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I want to know how source file trees are organized in Pascal. From the Language Reference Guide from FPC, it seems that programs and units must be entirely contained in single files (unless the ${INCLUDE} directive is used).

I can think of several ways of organizing my programs:

  • Stick everything in one huge file (really don't like that),
  • Write several big unit files,
  • Write many small unit files (might turn into a spaghetti of dependencies),
  • Write several big units but split them into files using ${INCLUDE}

Using ${INCLUDE} at all seems like a bit of a hack to me, since a proper module system should make it unnecessary. On the other hand, I'm afraid that single-file modules would get big enough to be unwieldy.

How is this usually done in actual projects? Is there some option I have missed?

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up vote 0 down vote accepted

If you design your application properly then each UNIT should be a reasonable size and have a single well-defined purpose. Dependencies should be somewhat hierarchical and you can always group any number of closely related UNITs into a library if your application is large enough to warrant it.

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-1 It won't help in FPC where .p files also depend on crcs and dates of .inc files. One of the differences with Delphi. – Marco van de Voort Oct 31 '12 at 20:43
Thanks for the down-vote - I was answering in the context of Pascal in general, but evidently some of the above above answer doesn't apply to FPC. – Paul R Oct 31 '12 at 21:41
@Paul: I didn't downvote, but most of what you wrote hasn't been applicable to modern Pascal dialects for more than a decade. It may have been true with Wirth's original Pascal, but Turbo Pascal in the early '90s didn't need to worry about saving compilation by moving implementation stuff to include files, and the use of a uses clause in both interface and implementation sections has been available at least that long as well. (The only {$I ...} I ever use is to set different {$DEFINE}s for different compiler and RTL versions.) – Ken White Oct 31 '12 at 23:11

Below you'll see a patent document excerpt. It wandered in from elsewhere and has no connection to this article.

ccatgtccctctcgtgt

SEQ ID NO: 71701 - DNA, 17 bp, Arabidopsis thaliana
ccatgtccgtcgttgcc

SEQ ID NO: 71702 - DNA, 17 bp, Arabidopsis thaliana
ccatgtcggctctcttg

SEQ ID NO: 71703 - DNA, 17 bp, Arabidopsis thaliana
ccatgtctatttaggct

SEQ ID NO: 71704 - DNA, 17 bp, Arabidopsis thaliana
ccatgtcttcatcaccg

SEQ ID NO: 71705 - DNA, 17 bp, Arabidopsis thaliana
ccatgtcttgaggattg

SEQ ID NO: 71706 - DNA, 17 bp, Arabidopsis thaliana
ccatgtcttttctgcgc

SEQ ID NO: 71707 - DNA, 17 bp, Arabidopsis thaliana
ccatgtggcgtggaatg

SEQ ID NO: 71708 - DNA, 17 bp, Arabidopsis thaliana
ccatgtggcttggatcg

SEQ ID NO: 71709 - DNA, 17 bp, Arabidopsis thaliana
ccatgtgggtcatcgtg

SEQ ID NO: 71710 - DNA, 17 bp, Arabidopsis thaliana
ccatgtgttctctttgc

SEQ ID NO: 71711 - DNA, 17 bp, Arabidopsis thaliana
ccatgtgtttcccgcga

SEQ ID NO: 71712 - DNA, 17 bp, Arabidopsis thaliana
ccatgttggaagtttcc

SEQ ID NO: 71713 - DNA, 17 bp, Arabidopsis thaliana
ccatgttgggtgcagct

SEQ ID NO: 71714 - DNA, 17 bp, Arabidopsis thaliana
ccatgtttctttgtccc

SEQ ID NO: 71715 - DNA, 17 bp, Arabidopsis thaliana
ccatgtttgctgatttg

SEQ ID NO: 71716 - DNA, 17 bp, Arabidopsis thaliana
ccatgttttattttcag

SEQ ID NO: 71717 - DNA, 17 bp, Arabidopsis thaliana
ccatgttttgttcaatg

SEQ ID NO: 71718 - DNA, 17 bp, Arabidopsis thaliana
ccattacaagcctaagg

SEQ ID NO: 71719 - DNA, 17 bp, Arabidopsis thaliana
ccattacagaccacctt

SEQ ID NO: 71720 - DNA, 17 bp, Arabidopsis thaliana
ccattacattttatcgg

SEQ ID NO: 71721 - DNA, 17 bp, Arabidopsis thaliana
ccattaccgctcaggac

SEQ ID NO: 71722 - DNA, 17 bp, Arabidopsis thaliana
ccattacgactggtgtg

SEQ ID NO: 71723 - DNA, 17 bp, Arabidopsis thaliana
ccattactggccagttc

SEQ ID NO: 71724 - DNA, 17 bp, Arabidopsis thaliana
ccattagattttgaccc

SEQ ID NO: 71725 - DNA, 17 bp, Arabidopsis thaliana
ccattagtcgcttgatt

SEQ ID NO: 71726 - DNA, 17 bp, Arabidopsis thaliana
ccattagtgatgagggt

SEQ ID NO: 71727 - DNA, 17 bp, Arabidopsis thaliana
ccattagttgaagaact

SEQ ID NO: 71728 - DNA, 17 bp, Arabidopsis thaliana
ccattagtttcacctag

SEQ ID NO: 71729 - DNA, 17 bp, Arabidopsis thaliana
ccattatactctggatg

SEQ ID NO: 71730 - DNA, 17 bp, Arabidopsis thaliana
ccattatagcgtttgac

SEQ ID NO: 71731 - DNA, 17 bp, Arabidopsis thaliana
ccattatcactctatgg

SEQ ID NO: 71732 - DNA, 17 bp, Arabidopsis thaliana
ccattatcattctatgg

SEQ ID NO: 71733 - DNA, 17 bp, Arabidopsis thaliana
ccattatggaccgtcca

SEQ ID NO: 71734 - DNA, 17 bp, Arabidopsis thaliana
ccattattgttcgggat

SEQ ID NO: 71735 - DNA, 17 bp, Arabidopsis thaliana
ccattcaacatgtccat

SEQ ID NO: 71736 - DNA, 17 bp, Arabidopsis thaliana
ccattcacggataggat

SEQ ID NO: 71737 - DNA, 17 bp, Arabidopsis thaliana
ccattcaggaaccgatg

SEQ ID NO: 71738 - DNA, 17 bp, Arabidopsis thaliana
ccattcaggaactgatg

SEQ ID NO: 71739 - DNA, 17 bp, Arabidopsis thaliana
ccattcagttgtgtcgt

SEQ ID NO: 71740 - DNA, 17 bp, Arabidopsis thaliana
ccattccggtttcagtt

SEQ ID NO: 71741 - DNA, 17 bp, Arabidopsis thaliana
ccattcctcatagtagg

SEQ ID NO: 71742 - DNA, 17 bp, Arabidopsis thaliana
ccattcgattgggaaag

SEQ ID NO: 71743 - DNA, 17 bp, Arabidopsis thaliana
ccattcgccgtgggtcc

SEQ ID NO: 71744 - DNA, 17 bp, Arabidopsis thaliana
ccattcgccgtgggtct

@KenWhite does that mean that modern Pascal compilers check for changes in implementation sections before recompiling (as opposed to just comparing access times)? – Staven Nov 1 '12 at 2:13
@Stavan: No. It means that modern Pascal compilers are usually fast enough that the compile itself isn't meaningful, and changes in implementation and interface both require recompile/relinking of an executable in order to run the code. There is absolutely no benefit to moving the implementation details to a separate file and {$I ...} to include them into the interface. As I said, I only use include files for compiler/RTL differences, and those differences require a recompile anyway. – Ken White Nov 1 '12 at 2:22

There is absolutely no need to use a single file, nor is there a need to use {$INCLUDE} unless you have a specific need to do so.

I have several Delphi projects that are 100+ separate code units, used as needed with an addition to the appropriate uses clause (interface or implementation sections) where they are needed. You can see this pattern in the FPC source as well:

unit One;

  uses System;





Break your source into logical units (eg., a unit for classes that are related to each other, types that are related or dependent on each other, functional units, and so forth). There are many examples of doing so in FP (they follow the same pattern as Delphi's VCL/RTL) to see how this is typically done.

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+1 IMHO the whole fear of dependency hell is vastly exaggerated. – Marco van de Voort Oct 31 '12 at 20:55

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